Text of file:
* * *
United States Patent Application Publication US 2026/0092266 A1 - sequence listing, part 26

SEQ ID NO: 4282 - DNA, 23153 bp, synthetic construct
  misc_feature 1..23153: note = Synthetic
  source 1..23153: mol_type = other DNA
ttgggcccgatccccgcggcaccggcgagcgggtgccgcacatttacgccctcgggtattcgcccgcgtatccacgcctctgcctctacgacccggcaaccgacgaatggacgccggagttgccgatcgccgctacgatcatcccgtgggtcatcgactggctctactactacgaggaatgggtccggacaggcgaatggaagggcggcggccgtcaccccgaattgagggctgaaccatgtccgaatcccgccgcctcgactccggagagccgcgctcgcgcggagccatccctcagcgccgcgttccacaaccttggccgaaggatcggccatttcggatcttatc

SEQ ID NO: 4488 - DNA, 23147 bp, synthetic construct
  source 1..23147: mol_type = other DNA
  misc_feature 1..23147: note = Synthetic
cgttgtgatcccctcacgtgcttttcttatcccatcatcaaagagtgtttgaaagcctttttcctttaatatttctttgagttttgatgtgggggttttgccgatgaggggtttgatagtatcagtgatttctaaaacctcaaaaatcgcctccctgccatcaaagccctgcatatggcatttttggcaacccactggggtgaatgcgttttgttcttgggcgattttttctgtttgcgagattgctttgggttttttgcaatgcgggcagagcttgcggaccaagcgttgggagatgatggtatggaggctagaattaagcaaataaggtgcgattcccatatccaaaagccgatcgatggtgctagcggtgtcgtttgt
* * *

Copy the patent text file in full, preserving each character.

United States Patent Application Publication US 2026/0092266 A1 - sequence listing, part 26

SEQ ID NO: 4282 - DNA, 23153 bp, synthetic construct
  misc_feature 1..23153: note = Synthetic
  source 1..23153: mol_type = other DNA
ttgggcccgatccccgcggcaccggcgagcgggtgccgcacatttacgccctcgggtattcgcccgcgtatccacgcctctgcctctacgacccggcaaccgacgaatggacgccggagttgccgatcgccgctacgatcatcccgtgggtcatcgactggctctactactacgaggaatgggtccggacaggcgaatggaagggcggcggccgtcaccccgaattgagggctgaaccatgtccgaatcccgccgcctcgactccggagagccgcgctcgcgcggagccatccctcagcgccgcgttccacaaccttggccgaaggatcggccatttcggatcttatc

SEQ ID NO: 4488 - DNA, 23147 bp, synthetic construct
  source 1..23147: mol_type = other DNA
  misc_feature 1..23147: note = Synthetic
cgttgtgatcccctcacgtgcttttcttatcccatcatcaaagagtgtttgaaagcctttttcctttaatatttctttgagttttgatgtgggggttttgccgatgaggggtttgatagtatcagtgatttctaaaacctcaaaaatcgcctccctgccatcaaagccctgcatatggcatttttggcaacccactggggtgaatgcgttttgttcttgggcgattttttctgtttgcgagattgctttgggttttttgcaatgcgggcagagcttgcggaccaagcgttgggagatgatggtatggaggctagaattaagcaaataaggtgcgattcccatatccaaaagccgatcgatggtgctagcggtgtcgtttgt